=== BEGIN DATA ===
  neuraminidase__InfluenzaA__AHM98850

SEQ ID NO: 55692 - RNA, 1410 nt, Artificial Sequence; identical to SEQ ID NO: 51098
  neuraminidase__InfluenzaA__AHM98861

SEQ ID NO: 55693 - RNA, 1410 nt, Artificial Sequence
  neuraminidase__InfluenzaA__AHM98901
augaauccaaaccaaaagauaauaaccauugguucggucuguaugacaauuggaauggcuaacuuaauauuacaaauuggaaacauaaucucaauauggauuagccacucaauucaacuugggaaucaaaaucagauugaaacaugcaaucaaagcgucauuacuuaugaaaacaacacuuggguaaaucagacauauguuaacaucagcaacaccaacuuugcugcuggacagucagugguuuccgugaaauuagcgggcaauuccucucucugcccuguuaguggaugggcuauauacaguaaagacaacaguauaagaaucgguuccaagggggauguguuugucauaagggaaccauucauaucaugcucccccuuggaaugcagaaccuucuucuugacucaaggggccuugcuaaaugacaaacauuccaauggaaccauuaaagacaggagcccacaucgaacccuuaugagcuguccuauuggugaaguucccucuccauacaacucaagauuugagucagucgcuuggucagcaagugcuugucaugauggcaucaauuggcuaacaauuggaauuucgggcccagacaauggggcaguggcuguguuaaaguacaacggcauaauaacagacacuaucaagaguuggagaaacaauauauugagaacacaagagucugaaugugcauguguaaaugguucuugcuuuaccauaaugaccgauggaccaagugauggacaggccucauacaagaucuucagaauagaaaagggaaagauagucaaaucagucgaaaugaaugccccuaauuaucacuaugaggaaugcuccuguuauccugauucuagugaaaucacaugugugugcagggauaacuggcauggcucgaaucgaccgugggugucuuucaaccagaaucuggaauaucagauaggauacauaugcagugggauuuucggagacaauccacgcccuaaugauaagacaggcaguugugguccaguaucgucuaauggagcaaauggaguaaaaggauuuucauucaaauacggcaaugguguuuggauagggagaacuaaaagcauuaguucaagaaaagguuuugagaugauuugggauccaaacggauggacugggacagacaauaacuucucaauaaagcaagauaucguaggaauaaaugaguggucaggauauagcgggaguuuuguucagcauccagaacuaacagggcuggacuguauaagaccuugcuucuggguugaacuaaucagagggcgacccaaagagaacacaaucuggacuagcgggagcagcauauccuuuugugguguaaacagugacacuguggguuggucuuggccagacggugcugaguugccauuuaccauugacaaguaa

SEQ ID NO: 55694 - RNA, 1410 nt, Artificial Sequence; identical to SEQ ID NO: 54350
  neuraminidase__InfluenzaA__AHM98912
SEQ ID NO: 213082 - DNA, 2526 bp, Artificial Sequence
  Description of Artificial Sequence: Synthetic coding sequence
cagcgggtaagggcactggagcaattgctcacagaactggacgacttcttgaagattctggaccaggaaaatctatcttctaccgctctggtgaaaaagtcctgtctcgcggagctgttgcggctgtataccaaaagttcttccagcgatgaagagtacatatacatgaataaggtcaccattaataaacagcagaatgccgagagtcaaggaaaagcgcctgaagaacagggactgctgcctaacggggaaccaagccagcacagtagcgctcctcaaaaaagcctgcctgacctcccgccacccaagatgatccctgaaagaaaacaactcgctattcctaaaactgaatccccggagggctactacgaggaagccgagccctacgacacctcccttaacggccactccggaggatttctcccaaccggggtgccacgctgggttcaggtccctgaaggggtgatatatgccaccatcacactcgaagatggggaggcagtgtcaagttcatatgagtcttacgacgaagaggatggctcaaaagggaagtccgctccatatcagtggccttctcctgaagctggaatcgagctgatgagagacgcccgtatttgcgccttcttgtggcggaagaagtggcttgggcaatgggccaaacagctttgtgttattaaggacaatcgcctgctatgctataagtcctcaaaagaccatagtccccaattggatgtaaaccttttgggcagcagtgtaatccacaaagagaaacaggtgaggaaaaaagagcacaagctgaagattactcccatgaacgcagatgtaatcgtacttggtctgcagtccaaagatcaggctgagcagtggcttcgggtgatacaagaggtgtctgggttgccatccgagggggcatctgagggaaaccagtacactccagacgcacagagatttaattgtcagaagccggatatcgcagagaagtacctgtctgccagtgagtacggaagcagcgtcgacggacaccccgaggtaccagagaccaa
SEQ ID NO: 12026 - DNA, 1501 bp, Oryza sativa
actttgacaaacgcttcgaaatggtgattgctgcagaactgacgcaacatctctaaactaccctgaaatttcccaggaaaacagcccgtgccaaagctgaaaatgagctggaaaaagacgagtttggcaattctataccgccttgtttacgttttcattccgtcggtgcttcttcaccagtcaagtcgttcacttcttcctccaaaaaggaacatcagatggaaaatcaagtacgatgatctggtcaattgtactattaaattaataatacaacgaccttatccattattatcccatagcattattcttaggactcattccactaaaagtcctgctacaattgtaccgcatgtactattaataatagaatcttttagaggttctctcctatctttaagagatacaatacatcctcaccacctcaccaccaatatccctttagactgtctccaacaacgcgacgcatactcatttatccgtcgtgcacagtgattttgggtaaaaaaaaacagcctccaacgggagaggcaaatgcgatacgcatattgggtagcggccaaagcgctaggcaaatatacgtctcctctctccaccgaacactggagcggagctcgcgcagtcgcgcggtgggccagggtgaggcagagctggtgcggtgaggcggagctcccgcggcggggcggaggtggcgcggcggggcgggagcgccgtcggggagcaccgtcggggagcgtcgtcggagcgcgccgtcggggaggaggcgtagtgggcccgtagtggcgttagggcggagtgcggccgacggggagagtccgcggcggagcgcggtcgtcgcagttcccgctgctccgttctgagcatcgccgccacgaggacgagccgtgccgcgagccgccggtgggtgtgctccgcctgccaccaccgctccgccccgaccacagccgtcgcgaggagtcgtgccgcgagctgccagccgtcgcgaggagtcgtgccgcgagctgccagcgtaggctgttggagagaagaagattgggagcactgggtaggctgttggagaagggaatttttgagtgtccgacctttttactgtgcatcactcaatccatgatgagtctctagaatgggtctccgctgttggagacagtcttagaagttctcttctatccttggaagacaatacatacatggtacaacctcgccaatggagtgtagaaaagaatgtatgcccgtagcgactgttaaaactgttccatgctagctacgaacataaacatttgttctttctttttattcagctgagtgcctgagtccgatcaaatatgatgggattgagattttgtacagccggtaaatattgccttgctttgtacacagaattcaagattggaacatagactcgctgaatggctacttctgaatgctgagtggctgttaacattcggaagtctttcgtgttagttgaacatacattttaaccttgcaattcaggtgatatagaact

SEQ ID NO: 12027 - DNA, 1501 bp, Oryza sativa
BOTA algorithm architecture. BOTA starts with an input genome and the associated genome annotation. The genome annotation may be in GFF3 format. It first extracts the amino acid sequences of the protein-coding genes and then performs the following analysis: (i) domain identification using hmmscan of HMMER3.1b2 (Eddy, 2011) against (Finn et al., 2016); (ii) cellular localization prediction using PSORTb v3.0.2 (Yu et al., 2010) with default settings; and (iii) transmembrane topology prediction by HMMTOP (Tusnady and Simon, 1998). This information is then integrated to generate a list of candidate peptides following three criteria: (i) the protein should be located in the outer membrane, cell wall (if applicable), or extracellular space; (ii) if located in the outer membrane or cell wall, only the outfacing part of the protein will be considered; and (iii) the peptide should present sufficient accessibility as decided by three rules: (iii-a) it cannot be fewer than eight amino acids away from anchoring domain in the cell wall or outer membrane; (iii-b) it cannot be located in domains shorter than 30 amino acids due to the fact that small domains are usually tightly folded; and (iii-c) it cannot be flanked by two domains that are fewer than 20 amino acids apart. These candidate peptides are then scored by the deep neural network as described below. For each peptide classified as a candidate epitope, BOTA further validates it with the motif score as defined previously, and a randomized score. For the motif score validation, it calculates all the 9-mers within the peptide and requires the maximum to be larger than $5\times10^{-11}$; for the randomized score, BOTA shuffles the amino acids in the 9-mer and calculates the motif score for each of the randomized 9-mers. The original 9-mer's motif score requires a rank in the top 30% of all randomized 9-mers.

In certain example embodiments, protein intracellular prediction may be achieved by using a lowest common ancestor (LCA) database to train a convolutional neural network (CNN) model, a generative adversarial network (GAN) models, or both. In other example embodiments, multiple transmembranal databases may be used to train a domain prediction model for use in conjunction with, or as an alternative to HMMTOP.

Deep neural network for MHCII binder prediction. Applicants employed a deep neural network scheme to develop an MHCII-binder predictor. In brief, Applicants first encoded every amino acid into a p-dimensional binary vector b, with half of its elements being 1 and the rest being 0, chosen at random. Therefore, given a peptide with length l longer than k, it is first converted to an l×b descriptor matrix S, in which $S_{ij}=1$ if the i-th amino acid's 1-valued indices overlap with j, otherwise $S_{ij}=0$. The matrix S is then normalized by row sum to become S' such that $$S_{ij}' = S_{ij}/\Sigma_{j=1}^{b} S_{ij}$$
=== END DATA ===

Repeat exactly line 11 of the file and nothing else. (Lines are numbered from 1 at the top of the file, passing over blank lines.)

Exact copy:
cagcgggtaagggcactggagcaattgctcacagaactggacgacttcttgaagattctggaccaggaaaatctatcttctaccgctctggtgaaaaagtcctgtctcgcggagctgttgcggctgtataccaaaagttcttccagcgatgaagagtacatatacatgaataaggtcaccattaataaacagcagaatgccgagagtcaaggaaaagcgcctgaagaacagggactgctgcctaacggggaaccaagccagcacagtagcgctcctcaaaaaagcctgcctgacctcccgccacccaagatgatccctgaaagaaaacaactcgctattcctaaaactgaatccccggagggctactacgaggaagccgagccctacgacacctcccttaacggccactccggaggatttctcccaaccggggtgccacgctgggttcaggtccctgaaggggtgatatatgccaccatcacactcgaagatggggaggcagtgtcaagttcatatgagtcttacgacgaagaggatggctcaaaagggaagtccgctccatatcagtggccttctcctgaagctggaatcgagctgatgagagacgcccgtatttgcgccttcttgtggcggaagaagtggcttgggcaatgggccaaacagctttgtgttattaaggacaatcgcctgctatgctataagtcctcaaaagaccatagtccccaattggatgtaaaccttttgggcagcagtgtaatccacaaagagaaacaggtgaggaaaaaagagcacaagctgaagattactcccatgaacgcagatgtaatcgtacttggtctgcagtccaaagatcaggctgagcagtggcttcgggtgatacaagaggtgtctgggttgccatccgagggggcatctgagggaaaccagtacactccagacgcacagagatttaattgtcagaagccggatatcgcagagaagtacctgtctgccagtgagtacggaagcagcgtcgacggacaccccgaggtaccagagaccaa